The Highlands Controversy: Constructing Geological Knowledge Through Fieldwork in Nineteenth-Century Britain

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University of Chicago Press, Jul 25, 1990 - Science - 438 pages
The Highlands Controversy is a rich and perceptive account of the third and last major dispute in nineteenth-century geology stemming from the work of Sir Roderick Murchison. The earlier Devonian and Cambrian-Silurian controversies centered on whether the strata of Devon and Wales should be classified by lithological or paleontological criteria, but the Highlands dispute arose from the difficulties the Scottish Highlands presented to geologists who were just learning to decipher the very complex processes of mountain building and metamorphism. David Oldroyd follows this controversy into the last years of the nineteenth century, as geology was transformed by increasing professionalization and by the development of new field and laboratory techniques. In telling this story, Oldroyd's aim is to analyze how scientific knowledge is constructed within a competitive scientific community—how theory, empirical findings, and social factors interact in the formation of knowledge.

Oldroyd uses archival material and his own extensive reconstruction of the nineteenth-century fieldwork in a case study showing how detailed maps and sections made it possible to understand the exceptionally complex geological structure of the Highlands

An invaluable addition to the history of geology, The Highlands Controversy also makes important contributions to our understanding of the social and conceptual processes of scientific work, especially in times of heated dispute.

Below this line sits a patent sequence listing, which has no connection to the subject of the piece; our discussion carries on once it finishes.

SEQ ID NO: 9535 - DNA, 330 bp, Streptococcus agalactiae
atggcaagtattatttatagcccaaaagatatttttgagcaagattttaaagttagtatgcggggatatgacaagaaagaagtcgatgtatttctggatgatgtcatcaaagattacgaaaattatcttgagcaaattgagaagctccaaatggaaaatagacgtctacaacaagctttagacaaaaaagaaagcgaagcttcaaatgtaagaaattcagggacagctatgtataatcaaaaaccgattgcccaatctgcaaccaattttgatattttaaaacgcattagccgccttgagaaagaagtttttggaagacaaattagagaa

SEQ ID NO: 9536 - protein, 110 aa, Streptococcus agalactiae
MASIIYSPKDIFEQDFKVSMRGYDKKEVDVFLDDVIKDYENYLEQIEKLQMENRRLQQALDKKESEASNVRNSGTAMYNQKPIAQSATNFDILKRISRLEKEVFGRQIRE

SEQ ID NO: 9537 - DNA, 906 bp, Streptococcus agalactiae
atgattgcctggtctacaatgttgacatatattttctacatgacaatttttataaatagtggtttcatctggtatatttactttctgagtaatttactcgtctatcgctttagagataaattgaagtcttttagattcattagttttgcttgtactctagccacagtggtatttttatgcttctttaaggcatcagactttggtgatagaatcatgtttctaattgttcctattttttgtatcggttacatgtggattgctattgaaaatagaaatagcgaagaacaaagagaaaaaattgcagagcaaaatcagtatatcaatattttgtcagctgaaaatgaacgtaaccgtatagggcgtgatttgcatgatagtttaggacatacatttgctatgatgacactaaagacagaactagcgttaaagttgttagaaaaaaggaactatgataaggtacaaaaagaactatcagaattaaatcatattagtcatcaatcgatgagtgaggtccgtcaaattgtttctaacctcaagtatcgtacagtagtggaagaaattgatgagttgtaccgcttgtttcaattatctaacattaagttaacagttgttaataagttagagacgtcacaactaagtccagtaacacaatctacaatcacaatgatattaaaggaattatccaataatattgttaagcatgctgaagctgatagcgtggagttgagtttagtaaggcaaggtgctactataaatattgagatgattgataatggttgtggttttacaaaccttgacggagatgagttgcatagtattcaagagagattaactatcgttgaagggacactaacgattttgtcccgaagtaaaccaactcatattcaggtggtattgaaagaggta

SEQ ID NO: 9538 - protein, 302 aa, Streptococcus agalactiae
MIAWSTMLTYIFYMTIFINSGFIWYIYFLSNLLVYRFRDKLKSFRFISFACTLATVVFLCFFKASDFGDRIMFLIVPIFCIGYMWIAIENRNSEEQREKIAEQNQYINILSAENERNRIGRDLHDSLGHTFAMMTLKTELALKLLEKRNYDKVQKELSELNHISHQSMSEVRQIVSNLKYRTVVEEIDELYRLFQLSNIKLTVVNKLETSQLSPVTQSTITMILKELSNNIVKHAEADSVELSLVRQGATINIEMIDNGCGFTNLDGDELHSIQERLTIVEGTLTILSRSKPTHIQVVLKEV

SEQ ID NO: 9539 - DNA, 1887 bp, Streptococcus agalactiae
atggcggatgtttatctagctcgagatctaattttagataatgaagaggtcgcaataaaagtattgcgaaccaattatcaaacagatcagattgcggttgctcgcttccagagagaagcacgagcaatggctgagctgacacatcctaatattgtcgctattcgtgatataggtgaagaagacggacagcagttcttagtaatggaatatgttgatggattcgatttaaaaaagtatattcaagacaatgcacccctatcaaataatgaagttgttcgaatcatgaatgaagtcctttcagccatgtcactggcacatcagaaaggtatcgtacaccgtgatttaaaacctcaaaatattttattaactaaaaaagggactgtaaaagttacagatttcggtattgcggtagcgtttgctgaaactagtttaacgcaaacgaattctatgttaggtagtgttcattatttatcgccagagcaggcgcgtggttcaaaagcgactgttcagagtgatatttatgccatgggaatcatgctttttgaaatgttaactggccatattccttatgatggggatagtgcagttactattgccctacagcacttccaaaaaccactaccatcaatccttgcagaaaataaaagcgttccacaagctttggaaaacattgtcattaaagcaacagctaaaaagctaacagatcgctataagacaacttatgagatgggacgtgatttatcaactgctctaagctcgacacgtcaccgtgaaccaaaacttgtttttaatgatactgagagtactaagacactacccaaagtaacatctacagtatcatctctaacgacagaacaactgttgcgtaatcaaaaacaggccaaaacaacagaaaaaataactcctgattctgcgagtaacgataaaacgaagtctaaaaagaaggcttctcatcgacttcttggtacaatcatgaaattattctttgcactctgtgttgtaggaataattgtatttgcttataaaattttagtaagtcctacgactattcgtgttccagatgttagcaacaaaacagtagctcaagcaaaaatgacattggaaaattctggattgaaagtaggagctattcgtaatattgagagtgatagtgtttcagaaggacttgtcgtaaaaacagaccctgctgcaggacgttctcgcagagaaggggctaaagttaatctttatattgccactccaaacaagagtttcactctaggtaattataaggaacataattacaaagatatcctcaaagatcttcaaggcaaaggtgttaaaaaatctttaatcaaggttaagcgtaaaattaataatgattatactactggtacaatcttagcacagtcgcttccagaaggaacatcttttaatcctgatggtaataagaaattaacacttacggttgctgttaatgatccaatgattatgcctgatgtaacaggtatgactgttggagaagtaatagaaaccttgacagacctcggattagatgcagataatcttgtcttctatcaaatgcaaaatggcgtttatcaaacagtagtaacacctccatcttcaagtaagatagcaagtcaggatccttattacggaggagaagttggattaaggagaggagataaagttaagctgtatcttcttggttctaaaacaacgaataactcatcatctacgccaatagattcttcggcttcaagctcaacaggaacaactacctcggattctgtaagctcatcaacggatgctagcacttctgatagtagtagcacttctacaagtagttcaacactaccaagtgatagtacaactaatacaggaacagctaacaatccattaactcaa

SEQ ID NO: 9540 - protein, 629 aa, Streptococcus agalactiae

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NineteenthCentury British Geology and Its Historiography Some Themes Goals and Methods
Early Geological Investigations in the Northwest Highlands
Geological Work of Murchison and Nicol in the Northwest Highlands 1850s
The Fieldwork of 1859 and the Aberdeen Meeting of the British Association
The MurchisonGeikie Tour of 1860
Murchison and Geikie contra Nicol The Establishment of the Northwest Paradigm
The Battle Rejoined and the Collapse of the Murchisonian Paradigm
Charles Lapworth Digressions and Diversions to the Southern Uplands and the Alps
The Professionals Vindicated The Work of the Surveyors in the Northwest Highlands
The Impact of the Highlands Controversy on the Progress of the Geological Survey The Wharton Committees Inquiry
Issues Methodological Epistemological and Social

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About the author (1990)

David R. Oldroyd is associate professor in the School of Science and Technology Studies, University of New South Wales. His several books include The Arch of Knowledge and Darwinian Impacts.

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